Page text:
[Part II] Macros module init/exit, Boilerplate code and Linux Kernel

So, as I said in my last blog, I will explain about transformation semantic patch which can be used after matching module init/exit part. Before I go in to the detail, I would like to clear some points. Someone asked me about the use of * in the semantic patch of my last blog post. So, I thought I should add it in this blog too. Basically we use * for something of interest. For example in our case we just want to check if actually there are some cases present which do nothing except register/unregister in module init/exit. One can’t use * with +/-. Following is an output of the semantic patch explained in last blog post.

diff -u -p ./lib/ts_fsm.c /tmp/nothing/lib/ts_fsm.c
--- ./lib/ts_fsm.c
+++ /tmp/nothing/lib/ts_fsm.c
@@ -327,12 +327,10 @@ static struct ts_ops fsm_ops = {
static int __init init_fsm(void)
{
- return textsearch_register(&fsm_ops);
}
static void __exit exit_fsm(void)
{
- textsearch_unregister(&fsm_ops);
}
MODULE_LICENSE("GPL");

Now lets continue from where we left in last blog post. So, after matching cases, we need to remove functions of module init/exit along with declarations of module-init/module_exit. Also, we need to add helper macros like module_platform_driver. We can do that in individual cases by matching register/unregister functions. Here, is an example of such semantic patch for cases where we can use helper macro module_platform_driver.

@r@
declarer name module_init;
identifier f;
@@
module_init(f);

@s@
declarer name module_exit;
identifier e;
@@
module_exit(e);

@a@
identifier r.f;
identifier x;
@@
static f(…) {return platform_driver_register(&x); }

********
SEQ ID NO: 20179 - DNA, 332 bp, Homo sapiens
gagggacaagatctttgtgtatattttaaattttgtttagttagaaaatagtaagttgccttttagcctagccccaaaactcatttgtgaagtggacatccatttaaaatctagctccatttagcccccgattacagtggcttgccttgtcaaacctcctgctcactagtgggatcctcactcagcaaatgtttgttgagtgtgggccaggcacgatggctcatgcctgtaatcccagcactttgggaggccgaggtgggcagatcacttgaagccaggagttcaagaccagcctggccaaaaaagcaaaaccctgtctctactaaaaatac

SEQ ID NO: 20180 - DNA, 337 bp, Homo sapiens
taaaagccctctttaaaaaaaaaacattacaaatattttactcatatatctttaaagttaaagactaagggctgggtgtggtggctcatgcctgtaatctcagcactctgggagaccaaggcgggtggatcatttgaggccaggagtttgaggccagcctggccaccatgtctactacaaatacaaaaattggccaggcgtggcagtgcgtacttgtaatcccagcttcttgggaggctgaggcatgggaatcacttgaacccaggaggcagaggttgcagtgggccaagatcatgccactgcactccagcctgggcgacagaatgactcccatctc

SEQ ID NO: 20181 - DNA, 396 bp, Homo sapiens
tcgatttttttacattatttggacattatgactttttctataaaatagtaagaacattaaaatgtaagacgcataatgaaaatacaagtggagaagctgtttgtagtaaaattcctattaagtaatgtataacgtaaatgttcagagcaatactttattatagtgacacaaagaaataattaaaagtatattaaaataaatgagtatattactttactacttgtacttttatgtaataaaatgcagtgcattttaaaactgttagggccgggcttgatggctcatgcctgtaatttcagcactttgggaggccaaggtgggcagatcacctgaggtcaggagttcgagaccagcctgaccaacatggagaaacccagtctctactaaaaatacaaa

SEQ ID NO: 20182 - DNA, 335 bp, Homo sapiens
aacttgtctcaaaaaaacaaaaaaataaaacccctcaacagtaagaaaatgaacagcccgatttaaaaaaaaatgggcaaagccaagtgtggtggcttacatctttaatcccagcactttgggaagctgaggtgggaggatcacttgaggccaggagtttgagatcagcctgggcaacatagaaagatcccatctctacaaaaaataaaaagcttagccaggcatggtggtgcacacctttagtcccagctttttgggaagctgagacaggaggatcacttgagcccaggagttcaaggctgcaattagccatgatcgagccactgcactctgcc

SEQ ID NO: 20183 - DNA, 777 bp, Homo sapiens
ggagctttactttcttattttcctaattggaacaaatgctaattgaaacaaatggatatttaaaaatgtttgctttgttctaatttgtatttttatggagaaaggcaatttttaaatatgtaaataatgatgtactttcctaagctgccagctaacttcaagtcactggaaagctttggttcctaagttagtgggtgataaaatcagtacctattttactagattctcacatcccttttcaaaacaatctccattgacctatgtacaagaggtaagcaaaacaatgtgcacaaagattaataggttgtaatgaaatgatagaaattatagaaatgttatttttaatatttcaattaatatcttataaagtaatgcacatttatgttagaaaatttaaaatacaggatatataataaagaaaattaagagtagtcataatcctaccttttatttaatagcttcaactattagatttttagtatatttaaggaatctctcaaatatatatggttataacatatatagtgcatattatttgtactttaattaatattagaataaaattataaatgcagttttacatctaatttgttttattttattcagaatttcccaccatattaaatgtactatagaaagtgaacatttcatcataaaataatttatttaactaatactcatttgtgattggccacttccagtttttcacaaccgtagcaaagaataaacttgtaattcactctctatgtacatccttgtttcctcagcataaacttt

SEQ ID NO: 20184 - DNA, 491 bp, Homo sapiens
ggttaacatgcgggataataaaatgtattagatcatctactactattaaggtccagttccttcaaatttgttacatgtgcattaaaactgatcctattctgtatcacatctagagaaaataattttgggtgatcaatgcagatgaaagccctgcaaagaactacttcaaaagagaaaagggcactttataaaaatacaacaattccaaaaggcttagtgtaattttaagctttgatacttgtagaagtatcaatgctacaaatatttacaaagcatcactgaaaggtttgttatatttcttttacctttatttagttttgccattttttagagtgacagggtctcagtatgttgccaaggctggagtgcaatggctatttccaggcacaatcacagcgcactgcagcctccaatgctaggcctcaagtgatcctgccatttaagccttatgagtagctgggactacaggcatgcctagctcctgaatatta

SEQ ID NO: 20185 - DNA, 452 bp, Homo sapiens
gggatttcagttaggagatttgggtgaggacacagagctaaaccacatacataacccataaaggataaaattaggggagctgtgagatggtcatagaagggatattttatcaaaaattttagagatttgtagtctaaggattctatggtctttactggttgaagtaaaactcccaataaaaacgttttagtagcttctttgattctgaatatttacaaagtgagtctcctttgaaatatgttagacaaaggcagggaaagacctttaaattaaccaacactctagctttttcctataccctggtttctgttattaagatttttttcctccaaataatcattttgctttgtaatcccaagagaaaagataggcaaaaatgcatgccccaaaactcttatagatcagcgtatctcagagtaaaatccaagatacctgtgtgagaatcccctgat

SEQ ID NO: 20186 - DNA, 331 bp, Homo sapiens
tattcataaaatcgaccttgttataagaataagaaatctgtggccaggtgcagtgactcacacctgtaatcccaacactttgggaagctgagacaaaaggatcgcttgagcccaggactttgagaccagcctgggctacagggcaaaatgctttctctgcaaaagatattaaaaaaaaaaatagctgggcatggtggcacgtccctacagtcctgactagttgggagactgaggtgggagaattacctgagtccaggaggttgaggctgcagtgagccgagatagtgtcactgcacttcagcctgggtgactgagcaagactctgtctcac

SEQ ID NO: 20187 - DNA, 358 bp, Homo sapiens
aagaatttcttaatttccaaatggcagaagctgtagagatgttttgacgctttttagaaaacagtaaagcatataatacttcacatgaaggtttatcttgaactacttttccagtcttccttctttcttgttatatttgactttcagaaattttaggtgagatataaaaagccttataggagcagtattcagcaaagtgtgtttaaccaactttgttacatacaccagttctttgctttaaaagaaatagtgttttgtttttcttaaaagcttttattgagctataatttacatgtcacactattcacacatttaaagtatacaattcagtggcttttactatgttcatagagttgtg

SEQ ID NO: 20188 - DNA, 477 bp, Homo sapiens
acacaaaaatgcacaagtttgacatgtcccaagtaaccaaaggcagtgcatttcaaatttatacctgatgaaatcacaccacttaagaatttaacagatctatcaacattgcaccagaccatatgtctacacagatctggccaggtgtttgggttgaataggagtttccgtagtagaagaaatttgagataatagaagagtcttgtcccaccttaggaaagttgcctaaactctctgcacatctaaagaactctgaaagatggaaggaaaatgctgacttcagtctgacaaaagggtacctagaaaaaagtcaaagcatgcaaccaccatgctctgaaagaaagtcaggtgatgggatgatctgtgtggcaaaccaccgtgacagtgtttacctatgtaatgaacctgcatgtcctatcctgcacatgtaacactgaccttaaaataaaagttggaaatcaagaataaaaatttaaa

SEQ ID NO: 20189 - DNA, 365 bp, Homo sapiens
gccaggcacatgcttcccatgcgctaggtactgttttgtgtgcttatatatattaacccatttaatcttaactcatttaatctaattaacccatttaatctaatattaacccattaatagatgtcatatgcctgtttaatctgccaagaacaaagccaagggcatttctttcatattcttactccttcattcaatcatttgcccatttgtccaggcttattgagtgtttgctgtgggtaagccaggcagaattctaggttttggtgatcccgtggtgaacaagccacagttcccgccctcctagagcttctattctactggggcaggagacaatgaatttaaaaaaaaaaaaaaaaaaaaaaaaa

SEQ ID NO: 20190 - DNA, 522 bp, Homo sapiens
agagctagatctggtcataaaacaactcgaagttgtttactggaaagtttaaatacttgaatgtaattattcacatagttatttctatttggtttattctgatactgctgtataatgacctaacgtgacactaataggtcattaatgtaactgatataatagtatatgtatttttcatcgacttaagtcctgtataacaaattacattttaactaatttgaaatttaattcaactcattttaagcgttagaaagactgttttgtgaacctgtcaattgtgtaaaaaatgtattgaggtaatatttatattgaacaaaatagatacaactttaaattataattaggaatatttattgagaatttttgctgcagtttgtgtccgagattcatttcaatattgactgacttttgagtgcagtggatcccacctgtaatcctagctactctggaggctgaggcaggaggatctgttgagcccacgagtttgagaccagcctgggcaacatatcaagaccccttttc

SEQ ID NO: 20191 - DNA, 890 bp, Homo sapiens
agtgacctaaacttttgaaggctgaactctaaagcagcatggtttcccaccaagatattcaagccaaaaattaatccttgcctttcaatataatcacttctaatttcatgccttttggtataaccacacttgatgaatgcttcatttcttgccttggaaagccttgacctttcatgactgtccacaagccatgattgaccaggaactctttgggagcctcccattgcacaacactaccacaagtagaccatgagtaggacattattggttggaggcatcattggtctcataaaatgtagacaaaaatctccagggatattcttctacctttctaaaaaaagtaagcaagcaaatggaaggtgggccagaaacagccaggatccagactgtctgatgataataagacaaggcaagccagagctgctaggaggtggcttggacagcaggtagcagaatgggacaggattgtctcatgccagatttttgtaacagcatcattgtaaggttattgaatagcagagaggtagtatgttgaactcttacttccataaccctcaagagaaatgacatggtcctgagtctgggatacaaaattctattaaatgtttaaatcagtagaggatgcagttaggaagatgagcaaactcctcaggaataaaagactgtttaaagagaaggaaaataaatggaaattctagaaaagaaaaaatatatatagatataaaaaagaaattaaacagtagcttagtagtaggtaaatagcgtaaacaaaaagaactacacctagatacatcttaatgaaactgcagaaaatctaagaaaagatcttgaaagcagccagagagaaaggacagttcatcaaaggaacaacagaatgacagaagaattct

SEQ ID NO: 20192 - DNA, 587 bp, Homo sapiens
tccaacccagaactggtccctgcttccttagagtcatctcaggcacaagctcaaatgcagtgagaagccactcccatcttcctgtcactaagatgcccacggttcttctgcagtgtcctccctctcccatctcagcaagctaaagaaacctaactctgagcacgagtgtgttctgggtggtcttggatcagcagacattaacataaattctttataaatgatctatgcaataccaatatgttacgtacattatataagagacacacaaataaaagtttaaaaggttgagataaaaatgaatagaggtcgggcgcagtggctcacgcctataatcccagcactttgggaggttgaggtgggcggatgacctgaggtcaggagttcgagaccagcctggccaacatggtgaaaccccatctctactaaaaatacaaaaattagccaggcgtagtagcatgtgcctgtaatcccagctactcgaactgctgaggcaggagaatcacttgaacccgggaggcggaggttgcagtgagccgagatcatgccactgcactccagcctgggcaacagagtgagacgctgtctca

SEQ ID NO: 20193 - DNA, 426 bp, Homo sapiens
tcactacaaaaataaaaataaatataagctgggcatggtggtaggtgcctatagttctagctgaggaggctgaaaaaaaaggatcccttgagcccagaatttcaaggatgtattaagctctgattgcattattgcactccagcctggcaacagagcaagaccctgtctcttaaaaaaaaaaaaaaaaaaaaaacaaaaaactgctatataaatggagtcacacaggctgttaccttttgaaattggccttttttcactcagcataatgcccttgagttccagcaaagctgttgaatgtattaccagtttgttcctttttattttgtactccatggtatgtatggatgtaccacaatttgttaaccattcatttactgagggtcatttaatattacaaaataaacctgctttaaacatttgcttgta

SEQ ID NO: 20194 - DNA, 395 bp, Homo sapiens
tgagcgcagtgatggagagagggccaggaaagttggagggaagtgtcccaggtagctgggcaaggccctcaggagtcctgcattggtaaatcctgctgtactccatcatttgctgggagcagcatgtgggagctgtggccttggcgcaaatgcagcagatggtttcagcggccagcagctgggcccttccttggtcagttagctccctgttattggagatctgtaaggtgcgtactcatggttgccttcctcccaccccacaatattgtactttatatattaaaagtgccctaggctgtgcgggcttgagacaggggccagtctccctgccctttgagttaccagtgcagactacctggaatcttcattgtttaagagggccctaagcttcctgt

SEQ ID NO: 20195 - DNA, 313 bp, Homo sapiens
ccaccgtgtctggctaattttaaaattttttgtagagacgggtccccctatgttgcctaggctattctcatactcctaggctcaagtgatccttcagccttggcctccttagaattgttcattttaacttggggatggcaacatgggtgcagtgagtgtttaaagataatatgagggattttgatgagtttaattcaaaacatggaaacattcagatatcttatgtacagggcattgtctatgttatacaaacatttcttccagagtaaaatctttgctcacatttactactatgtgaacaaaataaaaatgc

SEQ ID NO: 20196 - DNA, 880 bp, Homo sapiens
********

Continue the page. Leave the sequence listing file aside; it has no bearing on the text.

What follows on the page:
@b depends on a@
identifier s.e,a.x;
@@
static e(…) { platform_driver_unregister(&x); }

@t depends on r && a@
identifier r.f;
@@
-module_init(f);

@v depends on s && a && b@
declarer name module_platform_driver;
identifier s.e, a.x;
@@
-module_exit(e);
+module_platform_driver(x);

@c depends on b@
identifier r.f, a.x;
@@
-static f(…) { return platform_driver_register(&x); }

@d depends on c@
identifier s.e, a.x;
@@

-static e(…) { platform_driver_unregister(&x); }

In first four rules of the semantic patch we are doing matching and then depending on these 4 rules we are doing transformation. This semantic patch can be used for any such cases. Only thing which one need to change is names of register/unregister functions and helper macro. Interesting, right! Best part is those algorithms which are used by Julia in developing a tool. Because Coccinelle is very fast. And I think that’s the beauty of Coccinelle ­čÖé In last 2 weeks, I worked on some ether device API functions too. But may be one separate blog will be good to explain them. So, this will be the subject of my next blog. Till then stay connected. Stay happy. Ttyl.

[Part I] Macros module init/exit, Boilerplate code and Linux Kernel

Hii

Lets talk about boiler plate code today. I worked on cases of boiler plate code in Linux kernel during last few days. I am going to divide this particular topic in 2 blog posts. In this post, I will talk about boiler plate code, cases of them and how can we find them in the kernel using Coccinelle. In the second post, I will talk about how Coccinelle can help to handle such cases.